» Library History
The Old Library
The first Christ Church Library opened in 1562, and was housed in the former dining hall of St Frideswide’s Priory. It was fitted with wooden lecterns bought second-hand from the derelict medieval University Library. The books were chained to the lecterns: most were large Latin folios on theology and patristics, imported from the Continent but bound in Oxford; about 140 are still here. The books were reserved for the dons, and the Library was not usually open to undergraduates until comparatively recently.
The Old Library in 1775
In 1610-11 the Old Library was refitted with bookcases and an elaborate painted ceiling. As in Duke Humfrey’s Library, the shelves were placed across the main axis of the building and each incorporated its own desk and bench. New books were bought and shelved fore-edge outwards, and chained to the bookcases. The library was divided into four sections: Theology, Arts, Law, and Medicine. The earliest surviving catalogue, written in 1665, show that Theology was the largest class, but that there were large numbers of books in all subjects. The collection expanded rapidly, and by the end of the seventeenth century the Old Library was full.
The New Library
The present building was started in 1717 and completed in 1772. It was intended to match the great classical libraries of Trinity College, Cambridge and Trinity College, Dublin, and to attract aristocratic students to Christ Church. The building was probably designed by Dr George Clarke of All Souls, and the master mason was William Townsend (1668?-1739). The books were placed at first floor level to avoid damp and flooding. The ground floor was originally intended to be an open loggia, but while the building was still under construction, Christ Church was given a large collection of pictures by General John Guise (1682-1765). The lower storey was filled in to house them. Today these rooms house the modern books used by Christ Church undergraduates.
The Upper Library is nearly 150 feet long, and contains around 40,000 books. It is lit by large Venetian windows at either end, and by three sash windows facing onto the Peckwater Quadrangle. Four more windows are hidden behind the pediments of the bookcases, and can only be seen from outside. Originally it was intended that the shelves should be placed across the building, but large bequests of books arrived while the building was under construction, and the present wall-shelving and gallery were inserted to house them.The interior and fittings mostly date from the 1750s; the plasterwork is by Thomas Roberts of Oxford.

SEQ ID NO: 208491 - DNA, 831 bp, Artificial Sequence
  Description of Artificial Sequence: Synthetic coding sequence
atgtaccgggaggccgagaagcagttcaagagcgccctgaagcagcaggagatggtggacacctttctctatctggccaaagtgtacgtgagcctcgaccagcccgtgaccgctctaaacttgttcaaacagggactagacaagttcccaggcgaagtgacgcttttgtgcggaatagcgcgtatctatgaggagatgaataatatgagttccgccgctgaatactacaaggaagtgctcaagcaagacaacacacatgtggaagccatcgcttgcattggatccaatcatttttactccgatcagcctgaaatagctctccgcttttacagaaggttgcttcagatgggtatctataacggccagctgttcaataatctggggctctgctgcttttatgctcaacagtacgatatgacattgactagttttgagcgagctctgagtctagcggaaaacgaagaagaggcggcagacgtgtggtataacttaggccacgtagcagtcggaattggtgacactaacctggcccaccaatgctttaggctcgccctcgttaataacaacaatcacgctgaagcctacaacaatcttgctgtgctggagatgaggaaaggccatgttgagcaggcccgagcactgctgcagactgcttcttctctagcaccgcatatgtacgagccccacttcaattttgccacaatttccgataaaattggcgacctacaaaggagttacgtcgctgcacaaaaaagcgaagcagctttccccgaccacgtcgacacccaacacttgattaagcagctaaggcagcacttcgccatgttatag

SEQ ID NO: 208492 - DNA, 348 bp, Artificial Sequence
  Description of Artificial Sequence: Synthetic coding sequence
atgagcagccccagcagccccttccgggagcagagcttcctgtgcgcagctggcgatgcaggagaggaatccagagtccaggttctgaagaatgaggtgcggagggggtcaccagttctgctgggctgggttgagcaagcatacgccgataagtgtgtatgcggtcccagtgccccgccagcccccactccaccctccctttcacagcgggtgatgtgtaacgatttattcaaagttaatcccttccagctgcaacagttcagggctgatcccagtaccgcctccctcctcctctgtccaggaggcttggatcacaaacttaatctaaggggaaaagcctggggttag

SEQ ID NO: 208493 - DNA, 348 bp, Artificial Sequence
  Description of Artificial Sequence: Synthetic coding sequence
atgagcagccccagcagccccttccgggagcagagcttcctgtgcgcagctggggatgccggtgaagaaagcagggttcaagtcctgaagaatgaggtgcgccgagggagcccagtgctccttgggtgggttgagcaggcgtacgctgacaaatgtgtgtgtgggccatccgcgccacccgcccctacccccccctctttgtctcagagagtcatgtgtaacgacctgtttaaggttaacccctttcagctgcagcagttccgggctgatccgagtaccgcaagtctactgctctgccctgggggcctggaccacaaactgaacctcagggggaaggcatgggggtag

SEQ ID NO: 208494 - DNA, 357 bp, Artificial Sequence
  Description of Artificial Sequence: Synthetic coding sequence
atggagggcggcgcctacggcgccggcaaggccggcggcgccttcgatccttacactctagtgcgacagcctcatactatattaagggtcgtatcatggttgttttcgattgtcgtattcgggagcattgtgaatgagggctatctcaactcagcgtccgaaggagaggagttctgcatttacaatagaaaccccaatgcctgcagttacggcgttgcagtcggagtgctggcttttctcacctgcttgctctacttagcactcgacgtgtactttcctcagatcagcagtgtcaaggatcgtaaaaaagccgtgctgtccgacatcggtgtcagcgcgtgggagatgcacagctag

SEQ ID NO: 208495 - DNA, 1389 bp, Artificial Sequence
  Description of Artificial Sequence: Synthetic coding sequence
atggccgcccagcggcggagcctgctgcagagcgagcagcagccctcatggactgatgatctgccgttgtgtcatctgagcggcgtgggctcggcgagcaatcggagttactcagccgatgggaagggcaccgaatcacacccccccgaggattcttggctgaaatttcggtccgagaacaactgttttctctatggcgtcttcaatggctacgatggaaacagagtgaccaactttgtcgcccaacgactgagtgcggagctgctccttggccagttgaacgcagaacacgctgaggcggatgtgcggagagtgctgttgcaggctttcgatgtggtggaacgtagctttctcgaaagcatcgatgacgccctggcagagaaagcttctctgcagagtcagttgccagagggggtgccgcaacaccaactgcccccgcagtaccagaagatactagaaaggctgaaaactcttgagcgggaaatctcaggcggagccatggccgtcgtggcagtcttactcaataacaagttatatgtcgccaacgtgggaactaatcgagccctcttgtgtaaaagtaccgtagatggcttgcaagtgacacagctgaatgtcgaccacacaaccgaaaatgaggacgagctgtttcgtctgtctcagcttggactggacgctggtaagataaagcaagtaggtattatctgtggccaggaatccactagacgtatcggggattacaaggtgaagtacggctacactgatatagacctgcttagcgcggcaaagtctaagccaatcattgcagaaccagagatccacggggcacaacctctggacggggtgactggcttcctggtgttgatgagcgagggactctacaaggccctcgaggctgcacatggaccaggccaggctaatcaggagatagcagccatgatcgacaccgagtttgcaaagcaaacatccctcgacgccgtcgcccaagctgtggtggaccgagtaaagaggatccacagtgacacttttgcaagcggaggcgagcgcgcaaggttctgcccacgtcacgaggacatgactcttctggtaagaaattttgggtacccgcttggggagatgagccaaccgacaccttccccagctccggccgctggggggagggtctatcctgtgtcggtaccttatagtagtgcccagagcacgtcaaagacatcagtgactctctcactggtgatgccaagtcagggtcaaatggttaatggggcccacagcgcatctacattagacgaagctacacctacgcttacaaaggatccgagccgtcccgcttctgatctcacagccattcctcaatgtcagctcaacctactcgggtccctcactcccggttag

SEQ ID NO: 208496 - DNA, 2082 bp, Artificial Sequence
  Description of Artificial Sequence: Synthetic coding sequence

The names above the books commemorate: Dean Henry Aldrich (1649-1710); Canon William Stratford (1672-1729); Archbishop William Wake (1657-1737), and Charles Boyle, 4th Earl of Orrery (1676-1731). All bequeathed collections of books to the library, though their gifts were not necessarily shelved immediately beneath the name labels, as was once thought. Otho Nicholson gave money to buy books in 1613, and paid for the refitting of the Old Library in 1610-11, and John Morris (d.1648) was Regius Professor of Hebrew, and set up a trust fund to buy Hebrew books.
The rooms leading off the Upper Library (closed to visitors) originally held prints, drawings, coins and scientific instruments, as well as books. Some of these are now in the Picture Gallery, and others are on deposit in various Oxford museums.
Other objects are still on display. The celestial and terrestrial globes were made in London in about 1760. The head of Mercury (on the right-hand window sill looking down onto the Quad) is from the original statue of 1695 which stood in the fountain in Tom Quad. The famous cardinal’s hat is displayed under the gallery directly opposite, though there is no direct evidence that it belonged to Wolsey. Its painted Gothick display case was made for Horace Walpole.
The wooden models of characters from Alice in Wonderland are a reminder that Charles Dodgson (Lewis Carroll) was Sub-Librarian in the nineteenth century. The Upper Library retains most of its original furnishings, including the stools made by Thomas Chippendale, the library steps, and the wrought iron charcoal braziers, which were once the only heating.
The Library is a beautiful building, but the books are not here to decorate the room: almost all are available to scholars by prior appointment.
The collection of early printed books is, after the Bodleian, probably the finest in Oxford: there are perhaps 100,000 books printed before 1800, the oldest printed in 1468.
There are several hundred medieval manuscripts, over 100 incunabula (books printed before 1501), tens of thousands of rare early pamphlets, and an outstanding collection of manuscript and printed music.
All of these are particularly interesting because - unlike the collections of many large research libraries - they remain in their historical context in a building which was originally designed to house them. Many of the books are in contemporary bindings, and others have annotations or early ownership inscriptions.
More information can be obtained on the Library's History page.
Updated: Wednesday 20th January 2010 12:41